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NY advocates applaud first crypto mining moratorium in the U.S.

Vaughn Golden

New York has the first crypto mining moratorium law on the books in the nation. Environmental advocates are applauding Gov. Kathy Hochul's signing of legislation late last week that puts a two-year pause on new and renewed air permits for possible fuel power plants that house cryptocurrency mining.

State Assembly member Anna Kelles (D-Ithaca) applauded the historic legislation. But she said more needs to be done, especially shutting down existing cryptominers, including Greenidge Generation on the shores of Seneca Lake.

"It is critical for the state to fight against the air permit appeal by Greenidge, and deny the water permit, to end the extension they have, and protect one of the critical natural resources we have in the state," Kelles said.

Kelles believes this may be the beginning of a wave of regulation for these crypto mining companies.

"There are environmental groups in other states that have been watching what we are doing in New York State and are interested in fighting back," Kelles said. "Specifically in fighting back the practices we’ve noted. So I don’t think this is a situation where New York is the only one fighting against the environmental impacts.”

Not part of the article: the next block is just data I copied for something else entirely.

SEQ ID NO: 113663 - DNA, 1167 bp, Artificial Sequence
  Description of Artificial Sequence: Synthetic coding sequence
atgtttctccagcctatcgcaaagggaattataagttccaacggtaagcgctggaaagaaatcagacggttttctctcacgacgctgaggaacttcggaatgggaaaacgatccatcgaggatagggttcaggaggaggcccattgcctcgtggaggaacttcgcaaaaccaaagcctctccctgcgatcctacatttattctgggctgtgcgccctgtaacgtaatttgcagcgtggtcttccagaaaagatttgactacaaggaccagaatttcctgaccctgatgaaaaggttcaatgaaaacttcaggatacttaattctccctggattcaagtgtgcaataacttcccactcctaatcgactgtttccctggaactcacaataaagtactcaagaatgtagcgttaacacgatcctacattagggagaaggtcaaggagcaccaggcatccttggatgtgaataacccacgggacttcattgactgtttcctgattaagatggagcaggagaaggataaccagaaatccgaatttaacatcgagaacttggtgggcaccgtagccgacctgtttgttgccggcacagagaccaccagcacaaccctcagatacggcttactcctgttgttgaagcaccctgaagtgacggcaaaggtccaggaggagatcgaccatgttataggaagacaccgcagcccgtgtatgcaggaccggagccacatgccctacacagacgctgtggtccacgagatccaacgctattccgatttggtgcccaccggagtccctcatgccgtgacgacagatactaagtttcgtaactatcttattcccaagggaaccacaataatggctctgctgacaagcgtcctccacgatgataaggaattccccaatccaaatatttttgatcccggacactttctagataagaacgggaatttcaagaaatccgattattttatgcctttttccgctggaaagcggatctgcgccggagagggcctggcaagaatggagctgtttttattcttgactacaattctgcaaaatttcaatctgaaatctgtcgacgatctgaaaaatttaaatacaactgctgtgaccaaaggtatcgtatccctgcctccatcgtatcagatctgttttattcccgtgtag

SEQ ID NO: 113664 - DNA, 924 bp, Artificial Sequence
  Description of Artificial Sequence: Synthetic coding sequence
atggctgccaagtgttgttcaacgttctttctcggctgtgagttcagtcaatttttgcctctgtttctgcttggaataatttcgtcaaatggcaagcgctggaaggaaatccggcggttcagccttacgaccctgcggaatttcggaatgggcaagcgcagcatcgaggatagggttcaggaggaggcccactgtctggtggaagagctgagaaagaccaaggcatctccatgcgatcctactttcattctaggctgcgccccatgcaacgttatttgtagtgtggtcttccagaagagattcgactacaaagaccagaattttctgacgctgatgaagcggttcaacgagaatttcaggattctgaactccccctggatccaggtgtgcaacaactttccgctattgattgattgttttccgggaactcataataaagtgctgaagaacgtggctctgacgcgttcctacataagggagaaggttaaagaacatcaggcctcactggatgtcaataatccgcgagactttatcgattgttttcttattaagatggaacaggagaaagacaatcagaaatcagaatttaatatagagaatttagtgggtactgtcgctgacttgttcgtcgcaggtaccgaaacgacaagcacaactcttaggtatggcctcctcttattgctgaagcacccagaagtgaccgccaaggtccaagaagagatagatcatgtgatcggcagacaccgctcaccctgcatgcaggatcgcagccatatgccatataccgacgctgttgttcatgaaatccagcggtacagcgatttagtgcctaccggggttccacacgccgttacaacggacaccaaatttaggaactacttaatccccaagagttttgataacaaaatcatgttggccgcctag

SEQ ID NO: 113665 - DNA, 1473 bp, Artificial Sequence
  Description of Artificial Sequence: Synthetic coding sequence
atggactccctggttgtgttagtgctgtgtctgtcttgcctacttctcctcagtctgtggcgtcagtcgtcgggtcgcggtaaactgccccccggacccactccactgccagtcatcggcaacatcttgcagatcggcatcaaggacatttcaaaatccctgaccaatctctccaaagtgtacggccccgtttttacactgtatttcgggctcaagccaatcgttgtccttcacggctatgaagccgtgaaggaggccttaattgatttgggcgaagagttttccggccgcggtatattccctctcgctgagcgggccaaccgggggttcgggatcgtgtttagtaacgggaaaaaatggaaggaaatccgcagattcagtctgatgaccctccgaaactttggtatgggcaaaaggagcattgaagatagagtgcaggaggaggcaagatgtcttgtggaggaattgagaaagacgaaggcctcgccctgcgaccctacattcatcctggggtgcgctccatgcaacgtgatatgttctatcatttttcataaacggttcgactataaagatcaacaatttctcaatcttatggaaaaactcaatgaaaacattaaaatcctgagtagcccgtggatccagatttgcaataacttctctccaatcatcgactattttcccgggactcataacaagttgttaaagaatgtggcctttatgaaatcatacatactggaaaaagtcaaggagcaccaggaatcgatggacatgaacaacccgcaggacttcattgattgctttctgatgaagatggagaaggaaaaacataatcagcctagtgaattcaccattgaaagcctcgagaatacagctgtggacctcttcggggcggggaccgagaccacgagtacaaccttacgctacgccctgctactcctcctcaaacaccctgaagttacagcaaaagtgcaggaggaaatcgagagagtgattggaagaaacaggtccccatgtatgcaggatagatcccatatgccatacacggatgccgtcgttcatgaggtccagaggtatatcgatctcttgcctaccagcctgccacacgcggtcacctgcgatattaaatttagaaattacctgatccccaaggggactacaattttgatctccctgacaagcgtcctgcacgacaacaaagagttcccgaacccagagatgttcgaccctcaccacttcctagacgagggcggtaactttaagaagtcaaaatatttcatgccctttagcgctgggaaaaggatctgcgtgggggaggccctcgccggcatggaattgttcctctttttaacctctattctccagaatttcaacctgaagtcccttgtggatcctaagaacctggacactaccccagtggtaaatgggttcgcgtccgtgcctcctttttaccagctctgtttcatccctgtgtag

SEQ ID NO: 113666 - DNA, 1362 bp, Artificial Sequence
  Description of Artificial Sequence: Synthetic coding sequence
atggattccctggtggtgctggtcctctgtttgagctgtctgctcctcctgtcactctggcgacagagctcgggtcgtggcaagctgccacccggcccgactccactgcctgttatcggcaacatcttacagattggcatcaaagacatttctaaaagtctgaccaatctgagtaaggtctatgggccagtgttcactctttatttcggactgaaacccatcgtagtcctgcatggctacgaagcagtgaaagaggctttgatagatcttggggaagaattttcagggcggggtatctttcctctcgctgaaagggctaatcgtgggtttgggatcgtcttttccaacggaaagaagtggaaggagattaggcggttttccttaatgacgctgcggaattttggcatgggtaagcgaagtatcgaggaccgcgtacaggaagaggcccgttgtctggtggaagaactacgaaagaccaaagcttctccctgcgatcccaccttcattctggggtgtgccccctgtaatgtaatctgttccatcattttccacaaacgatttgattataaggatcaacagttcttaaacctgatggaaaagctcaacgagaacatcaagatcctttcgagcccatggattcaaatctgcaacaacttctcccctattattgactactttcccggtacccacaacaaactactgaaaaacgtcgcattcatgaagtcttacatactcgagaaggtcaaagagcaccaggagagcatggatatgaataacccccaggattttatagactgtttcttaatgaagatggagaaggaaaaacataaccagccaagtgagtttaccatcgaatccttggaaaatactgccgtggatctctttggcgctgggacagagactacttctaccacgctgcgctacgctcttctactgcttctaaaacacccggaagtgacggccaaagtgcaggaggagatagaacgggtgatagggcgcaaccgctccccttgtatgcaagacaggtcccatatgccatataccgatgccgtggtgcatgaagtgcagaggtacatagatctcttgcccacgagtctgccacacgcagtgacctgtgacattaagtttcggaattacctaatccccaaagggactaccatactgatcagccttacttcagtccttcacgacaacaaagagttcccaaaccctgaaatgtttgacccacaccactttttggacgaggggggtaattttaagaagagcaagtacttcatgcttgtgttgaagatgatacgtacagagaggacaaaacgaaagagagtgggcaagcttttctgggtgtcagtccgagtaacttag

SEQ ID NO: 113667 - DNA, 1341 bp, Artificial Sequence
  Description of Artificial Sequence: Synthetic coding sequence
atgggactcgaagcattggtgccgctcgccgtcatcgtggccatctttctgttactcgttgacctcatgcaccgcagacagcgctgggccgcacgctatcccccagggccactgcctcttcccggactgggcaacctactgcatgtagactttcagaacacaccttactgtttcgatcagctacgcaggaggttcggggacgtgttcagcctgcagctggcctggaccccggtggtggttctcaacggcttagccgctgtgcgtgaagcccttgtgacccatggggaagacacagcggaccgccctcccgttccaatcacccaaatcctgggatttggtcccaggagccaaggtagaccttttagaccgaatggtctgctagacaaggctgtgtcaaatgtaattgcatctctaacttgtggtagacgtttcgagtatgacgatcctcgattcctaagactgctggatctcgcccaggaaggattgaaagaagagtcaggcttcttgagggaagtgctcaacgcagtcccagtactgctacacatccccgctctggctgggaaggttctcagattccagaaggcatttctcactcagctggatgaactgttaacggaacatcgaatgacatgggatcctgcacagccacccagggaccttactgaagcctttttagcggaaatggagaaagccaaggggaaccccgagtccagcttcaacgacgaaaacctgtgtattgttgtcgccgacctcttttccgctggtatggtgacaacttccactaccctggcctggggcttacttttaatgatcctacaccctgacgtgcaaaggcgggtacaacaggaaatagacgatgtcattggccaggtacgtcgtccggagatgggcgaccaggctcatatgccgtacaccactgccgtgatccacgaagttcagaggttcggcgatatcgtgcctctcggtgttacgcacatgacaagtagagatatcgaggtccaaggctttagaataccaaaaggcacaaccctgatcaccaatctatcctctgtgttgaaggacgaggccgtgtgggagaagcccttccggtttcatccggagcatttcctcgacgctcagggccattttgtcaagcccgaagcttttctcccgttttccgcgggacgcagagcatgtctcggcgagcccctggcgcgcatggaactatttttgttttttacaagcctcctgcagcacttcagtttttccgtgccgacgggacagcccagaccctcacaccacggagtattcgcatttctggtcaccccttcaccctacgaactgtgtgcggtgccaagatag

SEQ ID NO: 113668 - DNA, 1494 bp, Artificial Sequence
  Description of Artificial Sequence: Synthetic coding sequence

Kelles says one other important piece of the legislation requires the State Department of Environmental Conservation to conduct studies to determine the impact the crypto miners have on the environment. This legislation doesn’t impact the Greenridge mining operation on Seneca Lake, and Kelles would also like to see the Hochul administration take steps to shut that down.

Finger Lakes wineries are also calling on the governor to consider stopping Greenidge from operating, because of the disruptions massive emissions have on the agricultural industry.

Billsboro Winery co-owner Vinny Aliperti said he lives very close to the Greenidge facility.

"Heavy rainfall, more humidity, warmer evenings, these are all things we’ve been seeing locally," said Aliperti. "Invasive pests are now encroaching on the Finger Lakes. Small changes in temperature and humidity really impact not only grapes, but the entire suite of agricultural products the Finger Lakes generate."

Advocates are also pleased the legislation requires the State Department of Environmental Conservation to conduct a study into the environmental impacts of cryptomining. And while it may be the first law of it’s kind in the country, Seneca Lake Guardian Vice-President Yvonne Taylor hopes it’s not the last.

"This cannot be a town by town or state by state fight," said Taylor. "We need our federal decision makers to act and to act now, to get federal regulations on the books for this industry."

Ellen produces news reports and features related to events that occur in the greater Syracuse area and throughout Onondaga County. Her reports are heard regularly in regional updates in Morning Edition and All Things Considered.